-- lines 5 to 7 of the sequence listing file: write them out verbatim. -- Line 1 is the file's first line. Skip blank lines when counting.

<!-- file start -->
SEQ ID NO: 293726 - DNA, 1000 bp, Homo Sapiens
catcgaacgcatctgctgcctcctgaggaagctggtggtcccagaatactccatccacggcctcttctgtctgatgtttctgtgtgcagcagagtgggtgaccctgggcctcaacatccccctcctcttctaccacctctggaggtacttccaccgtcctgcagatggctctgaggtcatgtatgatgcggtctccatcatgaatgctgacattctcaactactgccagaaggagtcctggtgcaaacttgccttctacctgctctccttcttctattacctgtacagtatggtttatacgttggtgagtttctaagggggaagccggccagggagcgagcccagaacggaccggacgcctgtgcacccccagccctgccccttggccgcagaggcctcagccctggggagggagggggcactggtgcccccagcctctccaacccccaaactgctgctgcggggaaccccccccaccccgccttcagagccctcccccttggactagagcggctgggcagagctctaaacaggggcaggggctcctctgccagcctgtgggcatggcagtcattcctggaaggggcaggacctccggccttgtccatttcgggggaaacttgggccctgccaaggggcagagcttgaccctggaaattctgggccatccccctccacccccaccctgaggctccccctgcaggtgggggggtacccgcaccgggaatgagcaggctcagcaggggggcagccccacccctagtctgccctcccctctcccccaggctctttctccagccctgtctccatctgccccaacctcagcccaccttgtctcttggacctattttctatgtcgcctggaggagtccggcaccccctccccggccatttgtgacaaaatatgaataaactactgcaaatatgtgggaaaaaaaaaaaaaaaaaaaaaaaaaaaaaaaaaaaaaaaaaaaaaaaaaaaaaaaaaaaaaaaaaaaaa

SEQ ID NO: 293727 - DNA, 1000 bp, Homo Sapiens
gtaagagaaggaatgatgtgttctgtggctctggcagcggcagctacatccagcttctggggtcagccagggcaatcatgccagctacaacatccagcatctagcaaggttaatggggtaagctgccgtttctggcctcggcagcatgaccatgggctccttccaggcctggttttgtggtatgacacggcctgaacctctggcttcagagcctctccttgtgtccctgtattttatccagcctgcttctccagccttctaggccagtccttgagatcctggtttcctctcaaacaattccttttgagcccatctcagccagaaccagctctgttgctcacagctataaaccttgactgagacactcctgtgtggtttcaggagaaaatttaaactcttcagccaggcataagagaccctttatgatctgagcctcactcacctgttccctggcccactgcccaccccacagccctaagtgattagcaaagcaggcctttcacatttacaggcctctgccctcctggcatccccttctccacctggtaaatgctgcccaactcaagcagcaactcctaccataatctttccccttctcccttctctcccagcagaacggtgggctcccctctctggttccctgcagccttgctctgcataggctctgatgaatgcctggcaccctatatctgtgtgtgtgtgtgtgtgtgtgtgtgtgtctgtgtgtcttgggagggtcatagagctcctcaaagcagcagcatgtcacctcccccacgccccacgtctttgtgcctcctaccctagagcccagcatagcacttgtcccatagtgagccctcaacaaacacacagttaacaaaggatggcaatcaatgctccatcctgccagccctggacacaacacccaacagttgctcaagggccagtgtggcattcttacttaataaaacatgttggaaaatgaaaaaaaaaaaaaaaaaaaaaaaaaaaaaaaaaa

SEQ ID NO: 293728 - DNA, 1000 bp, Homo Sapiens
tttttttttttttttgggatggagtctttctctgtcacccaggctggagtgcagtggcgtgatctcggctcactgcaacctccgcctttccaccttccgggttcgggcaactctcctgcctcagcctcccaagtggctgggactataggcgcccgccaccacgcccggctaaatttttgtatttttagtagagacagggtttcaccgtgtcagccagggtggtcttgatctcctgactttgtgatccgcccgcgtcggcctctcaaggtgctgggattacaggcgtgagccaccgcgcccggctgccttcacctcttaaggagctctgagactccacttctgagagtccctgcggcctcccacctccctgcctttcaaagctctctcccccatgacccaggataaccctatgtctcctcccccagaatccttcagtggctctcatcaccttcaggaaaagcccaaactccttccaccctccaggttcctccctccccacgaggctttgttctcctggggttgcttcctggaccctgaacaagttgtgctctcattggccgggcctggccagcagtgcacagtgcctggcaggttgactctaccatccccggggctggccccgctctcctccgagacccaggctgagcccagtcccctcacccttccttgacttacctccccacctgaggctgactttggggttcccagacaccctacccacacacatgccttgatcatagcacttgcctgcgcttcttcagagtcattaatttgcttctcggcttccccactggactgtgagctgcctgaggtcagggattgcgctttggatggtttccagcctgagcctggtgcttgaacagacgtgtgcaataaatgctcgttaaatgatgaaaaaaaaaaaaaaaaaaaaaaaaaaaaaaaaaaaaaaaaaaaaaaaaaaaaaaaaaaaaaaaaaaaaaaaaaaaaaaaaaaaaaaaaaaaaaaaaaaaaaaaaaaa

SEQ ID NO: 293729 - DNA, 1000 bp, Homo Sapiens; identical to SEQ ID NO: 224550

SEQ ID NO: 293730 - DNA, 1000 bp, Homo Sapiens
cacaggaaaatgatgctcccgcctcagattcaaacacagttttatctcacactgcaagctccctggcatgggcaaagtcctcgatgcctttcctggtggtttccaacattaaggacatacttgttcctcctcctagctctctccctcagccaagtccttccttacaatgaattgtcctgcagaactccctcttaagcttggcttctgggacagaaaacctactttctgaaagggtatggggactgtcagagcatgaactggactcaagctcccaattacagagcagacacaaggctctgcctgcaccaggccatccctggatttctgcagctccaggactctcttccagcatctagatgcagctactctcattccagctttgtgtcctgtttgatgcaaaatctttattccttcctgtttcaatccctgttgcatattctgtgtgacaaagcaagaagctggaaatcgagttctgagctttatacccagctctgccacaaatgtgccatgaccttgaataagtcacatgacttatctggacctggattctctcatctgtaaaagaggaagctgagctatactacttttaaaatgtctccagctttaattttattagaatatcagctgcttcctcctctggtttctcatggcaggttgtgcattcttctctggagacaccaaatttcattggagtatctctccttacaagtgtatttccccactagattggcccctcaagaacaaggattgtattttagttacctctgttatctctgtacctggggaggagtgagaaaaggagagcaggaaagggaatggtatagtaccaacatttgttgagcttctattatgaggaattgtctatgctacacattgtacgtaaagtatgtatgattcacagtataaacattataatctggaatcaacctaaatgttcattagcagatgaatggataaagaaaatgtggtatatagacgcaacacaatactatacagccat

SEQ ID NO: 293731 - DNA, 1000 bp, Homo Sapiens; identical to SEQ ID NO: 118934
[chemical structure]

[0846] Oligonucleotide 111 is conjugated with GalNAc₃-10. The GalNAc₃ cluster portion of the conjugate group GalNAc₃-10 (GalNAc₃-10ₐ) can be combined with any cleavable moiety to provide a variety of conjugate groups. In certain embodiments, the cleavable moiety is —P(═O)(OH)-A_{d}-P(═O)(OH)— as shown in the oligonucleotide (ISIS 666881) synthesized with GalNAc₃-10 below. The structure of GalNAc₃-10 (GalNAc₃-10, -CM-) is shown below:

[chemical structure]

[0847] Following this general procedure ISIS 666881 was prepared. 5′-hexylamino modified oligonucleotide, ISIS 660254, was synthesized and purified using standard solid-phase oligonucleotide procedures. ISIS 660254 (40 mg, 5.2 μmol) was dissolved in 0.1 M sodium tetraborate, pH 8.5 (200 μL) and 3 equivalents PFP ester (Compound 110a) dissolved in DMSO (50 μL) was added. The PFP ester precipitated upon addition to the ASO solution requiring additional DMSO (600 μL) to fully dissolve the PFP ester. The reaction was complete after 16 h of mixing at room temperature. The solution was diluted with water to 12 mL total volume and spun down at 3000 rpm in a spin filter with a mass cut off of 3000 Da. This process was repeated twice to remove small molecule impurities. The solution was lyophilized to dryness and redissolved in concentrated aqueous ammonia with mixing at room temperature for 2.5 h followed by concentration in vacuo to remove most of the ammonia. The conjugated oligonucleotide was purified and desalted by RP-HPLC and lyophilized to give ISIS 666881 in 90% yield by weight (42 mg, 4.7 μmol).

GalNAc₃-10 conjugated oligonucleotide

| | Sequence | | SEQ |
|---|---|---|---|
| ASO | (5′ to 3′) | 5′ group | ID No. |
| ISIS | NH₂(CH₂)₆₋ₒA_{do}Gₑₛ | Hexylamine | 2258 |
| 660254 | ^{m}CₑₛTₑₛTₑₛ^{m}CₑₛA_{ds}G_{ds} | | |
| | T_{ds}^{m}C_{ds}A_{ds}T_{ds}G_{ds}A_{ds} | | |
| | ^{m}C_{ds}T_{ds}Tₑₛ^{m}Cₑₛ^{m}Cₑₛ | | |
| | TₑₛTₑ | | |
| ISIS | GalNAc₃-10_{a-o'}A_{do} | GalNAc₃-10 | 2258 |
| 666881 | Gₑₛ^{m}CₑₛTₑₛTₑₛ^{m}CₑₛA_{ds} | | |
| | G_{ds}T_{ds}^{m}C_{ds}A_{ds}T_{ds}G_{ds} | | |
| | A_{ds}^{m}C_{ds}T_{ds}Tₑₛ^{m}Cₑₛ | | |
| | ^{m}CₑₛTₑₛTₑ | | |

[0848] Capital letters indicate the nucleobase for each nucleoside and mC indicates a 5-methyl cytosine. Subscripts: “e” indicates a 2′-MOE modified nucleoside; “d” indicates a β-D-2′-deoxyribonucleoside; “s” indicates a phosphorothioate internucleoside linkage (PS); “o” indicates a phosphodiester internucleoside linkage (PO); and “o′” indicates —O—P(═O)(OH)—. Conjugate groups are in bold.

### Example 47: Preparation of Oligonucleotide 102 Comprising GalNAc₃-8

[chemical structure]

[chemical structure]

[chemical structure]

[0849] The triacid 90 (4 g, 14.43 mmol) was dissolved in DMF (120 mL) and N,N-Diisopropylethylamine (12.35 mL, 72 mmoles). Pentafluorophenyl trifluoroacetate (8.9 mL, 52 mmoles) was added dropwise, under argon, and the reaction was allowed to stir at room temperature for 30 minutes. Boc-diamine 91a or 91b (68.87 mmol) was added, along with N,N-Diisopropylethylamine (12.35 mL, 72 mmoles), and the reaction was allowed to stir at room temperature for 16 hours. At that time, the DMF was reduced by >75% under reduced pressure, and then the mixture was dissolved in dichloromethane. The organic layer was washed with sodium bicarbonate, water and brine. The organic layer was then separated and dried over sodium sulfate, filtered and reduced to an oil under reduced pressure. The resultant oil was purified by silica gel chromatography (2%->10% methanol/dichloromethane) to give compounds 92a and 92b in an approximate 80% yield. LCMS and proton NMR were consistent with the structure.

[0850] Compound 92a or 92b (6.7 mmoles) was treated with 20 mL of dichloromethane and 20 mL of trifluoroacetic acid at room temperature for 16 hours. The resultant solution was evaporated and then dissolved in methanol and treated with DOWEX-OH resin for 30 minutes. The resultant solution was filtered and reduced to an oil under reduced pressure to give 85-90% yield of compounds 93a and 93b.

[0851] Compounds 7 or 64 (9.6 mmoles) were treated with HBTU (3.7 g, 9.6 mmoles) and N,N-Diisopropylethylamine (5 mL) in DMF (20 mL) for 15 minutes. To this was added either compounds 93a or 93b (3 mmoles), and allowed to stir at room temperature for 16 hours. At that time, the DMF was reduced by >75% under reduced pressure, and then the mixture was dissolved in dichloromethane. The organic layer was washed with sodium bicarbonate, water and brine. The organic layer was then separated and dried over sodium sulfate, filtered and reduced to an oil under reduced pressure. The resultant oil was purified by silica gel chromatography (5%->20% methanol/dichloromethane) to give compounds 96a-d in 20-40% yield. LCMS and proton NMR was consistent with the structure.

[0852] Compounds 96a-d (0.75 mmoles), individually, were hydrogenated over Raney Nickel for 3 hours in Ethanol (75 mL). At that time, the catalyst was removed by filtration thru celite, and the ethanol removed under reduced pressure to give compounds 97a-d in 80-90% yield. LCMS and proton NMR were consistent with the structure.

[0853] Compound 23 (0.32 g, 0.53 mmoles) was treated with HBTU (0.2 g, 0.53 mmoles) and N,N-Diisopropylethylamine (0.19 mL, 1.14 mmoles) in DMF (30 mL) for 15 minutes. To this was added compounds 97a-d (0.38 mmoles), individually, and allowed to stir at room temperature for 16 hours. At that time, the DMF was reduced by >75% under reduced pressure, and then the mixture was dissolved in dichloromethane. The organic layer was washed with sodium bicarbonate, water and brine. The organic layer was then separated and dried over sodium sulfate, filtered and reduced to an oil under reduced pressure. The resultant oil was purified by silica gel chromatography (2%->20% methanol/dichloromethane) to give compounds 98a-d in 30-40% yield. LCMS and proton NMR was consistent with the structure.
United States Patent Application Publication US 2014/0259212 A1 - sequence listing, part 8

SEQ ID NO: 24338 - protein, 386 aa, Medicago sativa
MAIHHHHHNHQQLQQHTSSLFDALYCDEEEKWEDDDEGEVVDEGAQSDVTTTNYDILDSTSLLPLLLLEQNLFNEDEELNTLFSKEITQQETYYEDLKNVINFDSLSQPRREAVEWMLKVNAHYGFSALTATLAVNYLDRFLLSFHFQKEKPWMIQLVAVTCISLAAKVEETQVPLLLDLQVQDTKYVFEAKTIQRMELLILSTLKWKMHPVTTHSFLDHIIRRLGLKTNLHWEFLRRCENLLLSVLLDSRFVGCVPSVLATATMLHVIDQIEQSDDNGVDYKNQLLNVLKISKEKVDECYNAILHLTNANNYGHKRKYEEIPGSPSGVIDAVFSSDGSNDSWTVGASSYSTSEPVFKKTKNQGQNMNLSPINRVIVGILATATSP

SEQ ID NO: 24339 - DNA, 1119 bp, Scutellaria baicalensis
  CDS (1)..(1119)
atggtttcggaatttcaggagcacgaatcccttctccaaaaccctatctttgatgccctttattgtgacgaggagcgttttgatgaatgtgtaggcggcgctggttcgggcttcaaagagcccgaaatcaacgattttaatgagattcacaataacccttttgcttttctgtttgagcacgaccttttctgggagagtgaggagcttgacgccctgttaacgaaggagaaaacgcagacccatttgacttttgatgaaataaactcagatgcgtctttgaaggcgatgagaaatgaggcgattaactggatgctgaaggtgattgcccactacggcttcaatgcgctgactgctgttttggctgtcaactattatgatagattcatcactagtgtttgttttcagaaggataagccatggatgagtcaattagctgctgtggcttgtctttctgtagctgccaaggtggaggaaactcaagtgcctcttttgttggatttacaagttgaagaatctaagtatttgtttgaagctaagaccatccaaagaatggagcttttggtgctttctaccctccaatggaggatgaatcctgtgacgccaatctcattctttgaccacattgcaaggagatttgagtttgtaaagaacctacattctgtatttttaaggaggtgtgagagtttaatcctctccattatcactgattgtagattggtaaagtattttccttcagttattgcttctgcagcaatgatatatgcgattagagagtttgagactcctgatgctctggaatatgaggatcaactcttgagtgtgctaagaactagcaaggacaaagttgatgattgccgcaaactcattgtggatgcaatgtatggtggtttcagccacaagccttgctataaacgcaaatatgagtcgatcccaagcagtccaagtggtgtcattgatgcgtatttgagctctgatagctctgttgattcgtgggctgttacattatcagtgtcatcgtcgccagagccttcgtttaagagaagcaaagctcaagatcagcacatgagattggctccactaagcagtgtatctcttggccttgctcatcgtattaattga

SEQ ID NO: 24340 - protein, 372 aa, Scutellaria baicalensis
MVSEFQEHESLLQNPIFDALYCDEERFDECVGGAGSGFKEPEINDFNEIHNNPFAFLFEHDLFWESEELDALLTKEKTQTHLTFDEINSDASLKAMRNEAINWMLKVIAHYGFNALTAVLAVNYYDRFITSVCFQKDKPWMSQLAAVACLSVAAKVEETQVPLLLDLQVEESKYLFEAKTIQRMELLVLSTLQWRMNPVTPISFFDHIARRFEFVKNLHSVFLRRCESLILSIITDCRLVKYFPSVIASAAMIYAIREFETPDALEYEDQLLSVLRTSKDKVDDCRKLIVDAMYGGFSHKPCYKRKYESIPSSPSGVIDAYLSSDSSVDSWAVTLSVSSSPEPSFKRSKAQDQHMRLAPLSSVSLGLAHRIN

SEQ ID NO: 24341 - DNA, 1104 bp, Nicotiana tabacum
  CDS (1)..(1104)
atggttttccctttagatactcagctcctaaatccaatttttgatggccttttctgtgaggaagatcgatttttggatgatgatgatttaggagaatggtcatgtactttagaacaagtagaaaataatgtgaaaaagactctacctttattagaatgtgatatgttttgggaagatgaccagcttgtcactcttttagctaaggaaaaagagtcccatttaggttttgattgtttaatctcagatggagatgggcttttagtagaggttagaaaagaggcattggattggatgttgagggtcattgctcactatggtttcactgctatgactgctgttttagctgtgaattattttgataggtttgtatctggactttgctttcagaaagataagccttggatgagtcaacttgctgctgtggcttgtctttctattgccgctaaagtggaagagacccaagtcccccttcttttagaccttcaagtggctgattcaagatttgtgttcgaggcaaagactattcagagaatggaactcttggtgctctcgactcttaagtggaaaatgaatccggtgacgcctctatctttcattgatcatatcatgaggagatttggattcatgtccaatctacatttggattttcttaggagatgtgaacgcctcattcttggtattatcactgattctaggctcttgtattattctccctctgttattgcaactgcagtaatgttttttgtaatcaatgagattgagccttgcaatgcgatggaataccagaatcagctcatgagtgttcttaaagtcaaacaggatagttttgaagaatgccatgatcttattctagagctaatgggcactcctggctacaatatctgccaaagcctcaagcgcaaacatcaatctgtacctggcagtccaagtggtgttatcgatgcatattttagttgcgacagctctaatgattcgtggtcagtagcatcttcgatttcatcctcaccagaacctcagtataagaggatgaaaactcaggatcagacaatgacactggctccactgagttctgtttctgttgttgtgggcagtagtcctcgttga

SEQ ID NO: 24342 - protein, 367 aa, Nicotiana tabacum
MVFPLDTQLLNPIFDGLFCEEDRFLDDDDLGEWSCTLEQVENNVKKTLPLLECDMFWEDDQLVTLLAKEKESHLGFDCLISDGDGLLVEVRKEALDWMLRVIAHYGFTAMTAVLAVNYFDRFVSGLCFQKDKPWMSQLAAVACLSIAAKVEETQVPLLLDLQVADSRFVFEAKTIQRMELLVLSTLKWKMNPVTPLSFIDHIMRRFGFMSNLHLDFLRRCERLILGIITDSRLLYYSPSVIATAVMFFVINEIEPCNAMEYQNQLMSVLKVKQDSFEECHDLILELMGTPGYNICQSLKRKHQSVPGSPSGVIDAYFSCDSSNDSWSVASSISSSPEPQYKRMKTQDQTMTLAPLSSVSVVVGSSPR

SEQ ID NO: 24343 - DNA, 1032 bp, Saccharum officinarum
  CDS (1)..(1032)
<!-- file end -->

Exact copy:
SEQ ID NO: 293728 - DNA, 1000 bp, Homo Sapiens
tttttttttttttttgggatggagtctttctctgtcacccaggctggagtgcagtggcgtgatctcggctcactgcaacctccgcctttccaccttccgggttcgggcaactctcctgcctcagcctcccaagtggctgggactataggcgcccgccaccacgcccggctaaatttttgtatttttagtagagacagggtttcaccgtgtcagccagggtggtcttgatctcctgactttgtgatccgcccgcgtcggcctctcaaggtgctgggattacaggcgtgagccaccgcgcccggctgccttcacctcttaaggagctctgagactccacttctgagagtccctgcggcctcccacctccctgcctttcaaagctctctcccccatgacccaggataaccctatgtctcctcccccagaatccttcagtggctctcatcaccttcaggaaaagcccaaactccttccaccctccaggttcctccctccccacgaggctttgttctcctggggttgcttcctggaccctgaacaagttgtgctctcattggccgggcctggccagcagtgcacagtgcctggcaggttgactctaccatccccggggctggccccgctctcctccgagacccaggctgagcccagtcccctcacccttccttgacttacctccccacctgaggctgactttggggttcccagacaccctacccacacacatgccttgatcatagcacttgcctgcgcttcttcagagtcattaatttgcttctcggcttccccactggactgtgagctgcctgaggtcagggattgcgctttggatggtttccagcctgagcctggtgcttgaacagacgtgtgcaataaatgctcgttaaatgatgaaaaaaaaaaaaaaaaaaaaaaaaaaaaaaaaaaaaaaaaaaaaaaaaaaaaaaaaaaaaaaaaaaaaaaaaaaaaaaaaaaaaaaaaaaaaaaaaaaaaaaaaaaa

SEQ ID NO: 293729 - DNA, 1000 bp, Homo Sapiens; identical to SEQ ID NO: 224550